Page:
from the November 2003 issue

The Market Likes New Varieties


Market demands influence seed research and development. A good example is the hybrid onion with the highest level of dry layers in the world, making it particularly suitable for countries with fewer daylight hours. Another example is the introduction of a melon-sized watermelon, which fits easily into the refrigerator.

Agricultural research has contributed to the development of high added value products. A variety of tomato renowned for its long shelf-life which has been developed as a hybrid of two varieties. One is characterized by late ripening and the other by solidity. The result is a new variety that is large, solid and enjoys a long shelf life. Some 40% of the tomato greenhouses in Europe utilize seeds developed and produced in Israel. In some countries, this figure reaches as high as 98%.

Another new variety is the seedless watermelon. It is cultivated in a wide range of sizes and colors, meeting a variety of customer demands.

Seed scientists have also developed special varieties of squash for greenhouse propagation, allowing the farmer to grow a high quality product, undamaged by wind, sand or pests. Another advantage of greenhouse squash is that high yields can be obtained, even during the off-season.

The black watermelon was developed and aimed at the European and American markets, as a specialty/

Following the trends for transition to organically grown, chemical-free products, Israel has developed naturally colored cotton, so that in addition to white cotton, brown and green cotton can now be grown.

A variety of hybrid cotton has recently been developed. Characterized by longer and stronger fibers, it is typically a high yield-per-area crop, requiring less water. It has been grown with excellent results in India, Southeast Asia and other regions.

Remote Control of Greenhouses
Motorola Israel has a world-class reputation for developing and manufacturing water-saving irrigation systems that are used around the world. Its latest product Radio Piccolo XR is a new remote terminal which can operate at a distance of 3 km. It communicates with the grower via an interface to IRRInet-XL, the company's water and irrigation control system that is used for municipal water control, landscapes, city parks and highway irrigation needs, as well as computerized water distribution (pumping stations, reservoirs), supply projects in rural areas.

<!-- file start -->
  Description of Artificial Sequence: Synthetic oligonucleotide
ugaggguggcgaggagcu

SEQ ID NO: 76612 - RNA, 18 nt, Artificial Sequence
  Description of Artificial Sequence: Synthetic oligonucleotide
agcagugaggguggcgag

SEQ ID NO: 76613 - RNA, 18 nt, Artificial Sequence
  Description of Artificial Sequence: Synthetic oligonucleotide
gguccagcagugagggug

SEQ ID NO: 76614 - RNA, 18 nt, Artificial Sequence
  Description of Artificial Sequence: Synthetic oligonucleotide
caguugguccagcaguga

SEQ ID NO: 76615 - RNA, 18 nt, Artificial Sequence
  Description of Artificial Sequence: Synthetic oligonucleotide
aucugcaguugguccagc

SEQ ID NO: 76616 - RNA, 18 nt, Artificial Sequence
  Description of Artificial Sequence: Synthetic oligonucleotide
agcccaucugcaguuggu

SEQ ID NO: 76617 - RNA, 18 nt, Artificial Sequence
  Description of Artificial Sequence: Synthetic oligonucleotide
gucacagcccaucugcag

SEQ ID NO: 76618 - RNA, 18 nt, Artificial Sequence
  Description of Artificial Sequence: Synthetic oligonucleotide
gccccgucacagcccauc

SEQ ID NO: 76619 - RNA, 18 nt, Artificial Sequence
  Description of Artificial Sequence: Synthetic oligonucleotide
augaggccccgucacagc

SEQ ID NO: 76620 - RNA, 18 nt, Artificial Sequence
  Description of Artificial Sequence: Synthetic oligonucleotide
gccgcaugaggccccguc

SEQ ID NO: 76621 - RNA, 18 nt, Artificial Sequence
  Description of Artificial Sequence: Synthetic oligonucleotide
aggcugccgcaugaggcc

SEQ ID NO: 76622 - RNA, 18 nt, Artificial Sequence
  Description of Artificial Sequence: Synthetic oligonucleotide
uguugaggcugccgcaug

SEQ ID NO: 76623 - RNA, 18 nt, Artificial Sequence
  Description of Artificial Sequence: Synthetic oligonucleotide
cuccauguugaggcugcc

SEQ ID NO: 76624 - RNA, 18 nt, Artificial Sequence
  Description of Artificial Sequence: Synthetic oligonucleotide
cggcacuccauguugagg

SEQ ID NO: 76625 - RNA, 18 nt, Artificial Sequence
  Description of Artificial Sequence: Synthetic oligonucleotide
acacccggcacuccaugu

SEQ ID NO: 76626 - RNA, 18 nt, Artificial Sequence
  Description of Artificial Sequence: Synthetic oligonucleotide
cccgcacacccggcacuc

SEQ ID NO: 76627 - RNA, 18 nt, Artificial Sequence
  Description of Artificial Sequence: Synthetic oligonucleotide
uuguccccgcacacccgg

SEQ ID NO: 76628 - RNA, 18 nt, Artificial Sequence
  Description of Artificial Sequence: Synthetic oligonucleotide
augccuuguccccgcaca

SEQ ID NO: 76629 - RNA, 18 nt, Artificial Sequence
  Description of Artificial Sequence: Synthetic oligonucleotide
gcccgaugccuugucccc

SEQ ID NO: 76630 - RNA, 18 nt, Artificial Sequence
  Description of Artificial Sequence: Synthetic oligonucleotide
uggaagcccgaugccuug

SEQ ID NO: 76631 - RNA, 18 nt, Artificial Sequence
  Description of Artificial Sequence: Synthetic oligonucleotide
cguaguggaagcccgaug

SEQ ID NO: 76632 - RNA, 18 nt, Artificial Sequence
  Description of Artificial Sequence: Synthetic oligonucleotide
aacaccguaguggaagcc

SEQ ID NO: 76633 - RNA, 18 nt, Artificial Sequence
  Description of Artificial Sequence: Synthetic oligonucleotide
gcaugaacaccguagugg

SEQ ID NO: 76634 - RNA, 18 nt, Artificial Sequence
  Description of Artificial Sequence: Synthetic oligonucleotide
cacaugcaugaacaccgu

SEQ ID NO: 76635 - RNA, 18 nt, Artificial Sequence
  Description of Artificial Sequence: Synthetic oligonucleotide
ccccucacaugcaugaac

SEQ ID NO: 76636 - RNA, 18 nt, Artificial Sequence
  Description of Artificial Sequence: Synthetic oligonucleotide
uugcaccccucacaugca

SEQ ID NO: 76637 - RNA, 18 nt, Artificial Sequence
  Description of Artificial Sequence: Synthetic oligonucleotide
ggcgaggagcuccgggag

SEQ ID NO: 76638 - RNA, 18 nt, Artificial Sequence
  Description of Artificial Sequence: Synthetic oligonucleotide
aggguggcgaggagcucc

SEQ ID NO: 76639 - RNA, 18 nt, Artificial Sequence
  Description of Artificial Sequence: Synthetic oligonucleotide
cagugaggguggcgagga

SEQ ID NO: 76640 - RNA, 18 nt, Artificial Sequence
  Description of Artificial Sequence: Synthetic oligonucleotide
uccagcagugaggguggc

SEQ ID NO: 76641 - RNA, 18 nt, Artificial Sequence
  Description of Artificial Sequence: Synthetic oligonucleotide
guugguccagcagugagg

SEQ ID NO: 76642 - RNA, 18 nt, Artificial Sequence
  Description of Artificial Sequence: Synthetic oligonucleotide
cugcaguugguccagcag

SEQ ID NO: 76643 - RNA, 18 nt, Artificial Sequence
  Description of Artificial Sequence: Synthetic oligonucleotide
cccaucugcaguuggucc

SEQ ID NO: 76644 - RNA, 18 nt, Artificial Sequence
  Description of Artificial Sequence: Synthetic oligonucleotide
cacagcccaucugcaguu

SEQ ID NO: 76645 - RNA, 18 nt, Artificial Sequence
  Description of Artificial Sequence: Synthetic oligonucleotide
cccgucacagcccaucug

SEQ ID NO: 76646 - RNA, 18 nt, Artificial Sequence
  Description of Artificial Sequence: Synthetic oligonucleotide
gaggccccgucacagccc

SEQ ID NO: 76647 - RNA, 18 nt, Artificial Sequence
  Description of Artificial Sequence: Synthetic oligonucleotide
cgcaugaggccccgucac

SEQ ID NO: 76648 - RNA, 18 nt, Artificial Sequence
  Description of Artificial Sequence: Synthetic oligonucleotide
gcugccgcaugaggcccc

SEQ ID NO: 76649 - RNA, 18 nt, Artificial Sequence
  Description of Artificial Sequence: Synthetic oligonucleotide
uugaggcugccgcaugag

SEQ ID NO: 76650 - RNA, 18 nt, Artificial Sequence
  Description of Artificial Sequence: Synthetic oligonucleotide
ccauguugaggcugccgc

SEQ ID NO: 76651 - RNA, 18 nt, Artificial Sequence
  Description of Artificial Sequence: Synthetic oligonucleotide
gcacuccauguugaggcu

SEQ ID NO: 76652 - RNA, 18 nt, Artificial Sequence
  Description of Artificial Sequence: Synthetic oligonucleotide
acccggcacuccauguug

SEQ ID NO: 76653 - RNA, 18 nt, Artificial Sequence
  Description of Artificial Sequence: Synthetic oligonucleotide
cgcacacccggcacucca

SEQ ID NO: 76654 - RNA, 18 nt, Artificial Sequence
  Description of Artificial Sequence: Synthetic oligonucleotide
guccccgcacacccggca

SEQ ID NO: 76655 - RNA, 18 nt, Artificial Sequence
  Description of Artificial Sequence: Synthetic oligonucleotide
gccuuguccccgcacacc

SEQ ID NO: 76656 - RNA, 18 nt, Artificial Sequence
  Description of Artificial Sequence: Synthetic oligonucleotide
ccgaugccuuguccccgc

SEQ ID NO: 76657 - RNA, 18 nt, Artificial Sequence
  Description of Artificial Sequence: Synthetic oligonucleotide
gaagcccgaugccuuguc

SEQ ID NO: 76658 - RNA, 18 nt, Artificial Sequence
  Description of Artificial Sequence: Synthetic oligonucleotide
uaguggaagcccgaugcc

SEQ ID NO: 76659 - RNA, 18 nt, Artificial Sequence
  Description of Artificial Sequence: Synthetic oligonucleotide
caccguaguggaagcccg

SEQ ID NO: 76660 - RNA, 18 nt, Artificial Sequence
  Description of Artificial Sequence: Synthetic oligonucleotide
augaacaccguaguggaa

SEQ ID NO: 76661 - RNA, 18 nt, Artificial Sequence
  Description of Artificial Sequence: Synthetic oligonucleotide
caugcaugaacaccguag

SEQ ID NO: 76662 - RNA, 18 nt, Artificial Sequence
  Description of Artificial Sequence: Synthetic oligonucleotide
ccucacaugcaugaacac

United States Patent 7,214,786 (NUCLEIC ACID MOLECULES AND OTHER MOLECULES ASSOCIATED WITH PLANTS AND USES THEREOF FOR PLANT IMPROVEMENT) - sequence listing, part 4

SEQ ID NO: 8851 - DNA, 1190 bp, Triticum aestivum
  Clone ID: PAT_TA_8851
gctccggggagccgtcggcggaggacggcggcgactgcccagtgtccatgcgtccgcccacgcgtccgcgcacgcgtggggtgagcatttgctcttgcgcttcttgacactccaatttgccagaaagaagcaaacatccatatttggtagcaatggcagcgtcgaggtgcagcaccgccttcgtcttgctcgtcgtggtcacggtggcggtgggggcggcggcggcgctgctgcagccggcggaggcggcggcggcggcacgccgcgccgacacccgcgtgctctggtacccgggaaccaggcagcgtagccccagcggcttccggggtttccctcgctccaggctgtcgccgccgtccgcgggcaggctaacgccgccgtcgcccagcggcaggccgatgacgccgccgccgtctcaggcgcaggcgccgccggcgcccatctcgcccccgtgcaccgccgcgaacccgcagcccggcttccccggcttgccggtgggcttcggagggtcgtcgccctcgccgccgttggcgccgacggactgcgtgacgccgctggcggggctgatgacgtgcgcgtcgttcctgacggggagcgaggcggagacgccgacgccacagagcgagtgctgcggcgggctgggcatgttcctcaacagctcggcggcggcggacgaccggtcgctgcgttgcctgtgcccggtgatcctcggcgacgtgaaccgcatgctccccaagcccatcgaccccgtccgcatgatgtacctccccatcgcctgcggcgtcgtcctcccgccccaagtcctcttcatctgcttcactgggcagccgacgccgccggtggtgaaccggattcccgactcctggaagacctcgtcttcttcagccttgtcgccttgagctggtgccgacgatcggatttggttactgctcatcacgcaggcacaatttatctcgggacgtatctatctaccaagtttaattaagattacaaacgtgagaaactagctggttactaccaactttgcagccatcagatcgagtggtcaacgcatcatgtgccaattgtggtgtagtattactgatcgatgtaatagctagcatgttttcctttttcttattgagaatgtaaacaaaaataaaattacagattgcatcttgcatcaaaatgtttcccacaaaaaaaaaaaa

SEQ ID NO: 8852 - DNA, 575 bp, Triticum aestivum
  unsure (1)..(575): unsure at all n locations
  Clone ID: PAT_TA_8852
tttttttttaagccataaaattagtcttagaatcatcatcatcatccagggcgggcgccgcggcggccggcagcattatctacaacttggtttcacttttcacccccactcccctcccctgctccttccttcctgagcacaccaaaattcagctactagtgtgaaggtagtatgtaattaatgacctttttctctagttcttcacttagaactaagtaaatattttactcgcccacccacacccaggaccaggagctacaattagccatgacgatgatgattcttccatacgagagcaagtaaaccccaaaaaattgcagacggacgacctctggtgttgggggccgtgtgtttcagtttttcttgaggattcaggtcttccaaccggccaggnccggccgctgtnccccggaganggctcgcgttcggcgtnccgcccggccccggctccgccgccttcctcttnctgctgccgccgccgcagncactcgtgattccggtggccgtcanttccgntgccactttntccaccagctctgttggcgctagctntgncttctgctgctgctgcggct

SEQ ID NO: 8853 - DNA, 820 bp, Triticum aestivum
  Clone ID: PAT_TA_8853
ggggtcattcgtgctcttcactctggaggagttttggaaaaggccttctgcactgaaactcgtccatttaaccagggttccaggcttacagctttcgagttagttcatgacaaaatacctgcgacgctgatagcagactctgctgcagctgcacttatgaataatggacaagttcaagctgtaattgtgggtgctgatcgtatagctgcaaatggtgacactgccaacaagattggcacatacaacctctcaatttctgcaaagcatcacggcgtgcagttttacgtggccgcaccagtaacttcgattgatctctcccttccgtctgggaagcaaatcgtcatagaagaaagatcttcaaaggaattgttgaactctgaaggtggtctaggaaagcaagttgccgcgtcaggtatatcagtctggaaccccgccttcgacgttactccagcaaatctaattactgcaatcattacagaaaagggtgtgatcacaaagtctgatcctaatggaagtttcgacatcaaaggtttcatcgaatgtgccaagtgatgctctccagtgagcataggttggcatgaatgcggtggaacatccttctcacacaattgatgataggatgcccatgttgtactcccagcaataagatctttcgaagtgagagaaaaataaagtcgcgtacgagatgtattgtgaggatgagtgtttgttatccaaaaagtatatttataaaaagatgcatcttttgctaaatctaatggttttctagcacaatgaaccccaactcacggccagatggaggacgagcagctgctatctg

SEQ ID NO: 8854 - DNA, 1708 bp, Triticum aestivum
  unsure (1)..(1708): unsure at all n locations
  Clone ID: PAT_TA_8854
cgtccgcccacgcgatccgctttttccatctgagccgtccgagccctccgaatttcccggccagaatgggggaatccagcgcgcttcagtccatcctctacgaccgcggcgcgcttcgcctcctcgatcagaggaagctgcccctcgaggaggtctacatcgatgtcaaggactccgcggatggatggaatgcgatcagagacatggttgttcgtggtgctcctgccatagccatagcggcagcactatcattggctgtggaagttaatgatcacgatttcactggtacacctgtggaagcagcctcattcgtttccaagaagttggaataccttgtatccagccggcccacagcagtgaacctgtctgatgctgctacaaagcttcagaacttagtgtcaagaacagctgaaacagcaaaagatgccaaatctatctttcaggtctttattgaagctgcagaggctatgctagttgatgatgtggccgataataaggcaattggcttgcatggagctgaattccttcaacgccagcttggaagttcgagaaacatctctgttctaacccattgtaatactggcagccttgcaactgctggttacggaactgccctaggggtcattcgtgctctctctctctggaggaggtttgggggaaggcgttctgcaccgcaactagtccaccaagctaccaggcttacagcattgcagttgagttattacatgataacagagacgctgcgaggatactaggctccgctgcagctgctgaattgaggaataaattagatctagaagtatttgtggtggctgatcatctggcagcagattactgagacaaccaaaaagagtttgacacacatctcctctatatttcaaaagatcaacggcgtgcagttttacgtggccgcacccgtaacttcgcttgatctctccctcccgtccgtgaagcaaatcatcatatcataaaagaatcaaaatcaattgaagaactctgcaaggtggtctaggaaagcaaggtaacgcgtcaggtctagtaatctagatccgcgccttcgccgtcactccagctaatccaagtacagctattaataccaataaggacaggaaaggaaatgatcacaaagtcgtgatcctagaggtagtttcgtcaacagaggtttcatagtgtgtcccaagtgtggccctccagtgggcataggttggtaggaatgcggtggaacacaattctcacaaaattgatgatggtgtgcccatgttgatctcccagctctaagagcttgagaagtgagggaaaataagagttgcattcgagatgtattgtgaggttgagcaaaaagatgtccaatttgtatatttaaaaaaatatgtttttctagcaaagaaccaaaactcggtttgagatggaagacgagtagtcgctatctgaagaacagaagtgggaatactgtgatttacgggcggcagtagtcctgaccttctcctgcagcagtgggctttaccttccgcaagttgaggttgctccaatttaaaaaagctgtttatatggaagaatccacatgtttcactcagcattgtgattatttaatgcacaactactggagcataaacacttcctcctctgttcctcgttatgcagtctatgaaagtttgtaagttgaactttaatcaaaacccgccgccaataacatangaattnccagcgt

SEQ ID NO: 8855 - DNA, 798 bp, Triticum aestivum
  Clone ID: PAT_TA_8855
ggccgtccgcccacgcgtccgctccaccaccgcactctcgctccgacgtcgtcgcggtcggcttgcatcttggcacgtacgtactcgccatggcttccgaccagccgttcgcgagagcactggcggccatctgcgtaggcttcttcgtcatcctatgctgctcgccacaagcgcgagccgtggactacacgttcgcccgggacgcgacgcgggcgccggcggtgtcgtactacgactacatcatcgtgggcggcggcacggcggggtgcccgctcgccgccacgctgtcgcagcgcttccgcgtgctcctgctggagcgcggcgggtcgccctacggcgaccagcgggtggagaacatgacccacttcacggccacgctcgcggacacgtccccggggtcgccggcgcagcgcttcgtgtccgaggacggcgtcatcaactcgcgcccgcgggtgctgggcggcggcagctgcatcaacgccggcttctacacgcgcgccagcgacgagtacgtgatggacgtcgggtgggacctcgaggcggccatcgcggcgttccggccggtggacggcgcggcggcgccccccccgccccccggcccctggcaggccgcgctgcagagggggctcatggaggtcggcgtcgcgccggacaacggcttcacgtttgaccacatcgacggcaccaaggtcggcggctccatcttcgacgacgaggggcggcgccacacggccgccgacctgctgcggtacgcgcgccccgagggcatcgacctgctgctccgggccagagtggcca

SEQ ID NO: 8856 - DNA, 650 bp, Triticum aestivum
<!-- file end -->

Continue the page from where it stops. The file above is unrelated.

Hi-Tech in Dairy Industry
"Cow cooling" is one way to ensure that milk production is not detrimentally effected by summer heat. Two Israeli scientists discovered that cows, just like people, are affected by the weather. Introduced to California dairy farmers two months ago, Polak Brothers' new CowKool misting system, considerably raised summer milk yields.

Monitoring bovine health and yields is a major task for large dairy farmers with herds in the thousands. A cow is more active when it is in heat observed experts of cows on Kibbutz Afikim. Afimilk uses a pedometer to measure heat and activity which pinpoint the best time for insemination. Its computerized system provides management of production, fertility, and health of herds.

"Using electronic sensors in tags on the collars, or ears of a cow represents a novel way of monitoring cows," said Ori Inbar of SCR. Data from the tag that measures the cow's daily activity - running, playing, or when they are in heat - is picked up by infra-red communication when the cow enters the milking stand and is then relayed to a central computer. The company has one of the most sophisticated high tech dairy cow monitoring systems on the market, claiming a 20 percent increase in milk yield.

Another new sensor that measures rumination time, the time it takes for the cow to chew and digest its cud, was introduced at Agritech. Lack of fiber in the cow's diet can result in a reduced rumination rate - signs of loss of appetite, sickness - and result in decreased milk production. Developed at a cost of $1 million by Vocal Tag , this important indicator expected within the year, provides vital information for the dairy on feeding quality and quantity, and cow health. SCR is beginning to develop a new generation of products for sheep and goat herds.

Plants also benefit by close observations. Russian scientist Yuri Ton developed sensors that could pick up signs of stress in plants - clear signs that they need water -before they were visible, and send out an electronic warning. Ton was recently named by Cambridge as one of the top 2000 scientists of the last century. Using different sized sensors for measuring growth and sap flow, moisture in a leaf, stem, and fruit (little ones for cherry tomatoes and grapes) the PhyTalk system has been developed and marketed by PhyTech in Yad Mordechai.

"The PhyTech system is the first system developed to monitor the physiological conditions of plants," said Dr. Oded Sagee, VP of Business Development (formerly Chief of Citrus at Volcani, Israel's Agricultural Research Center.) The data is transmitted to a concentrator unit and then via wireless to a PC for easy access.

Reprinted from the Israel High-Tech & Investment Report November 2003

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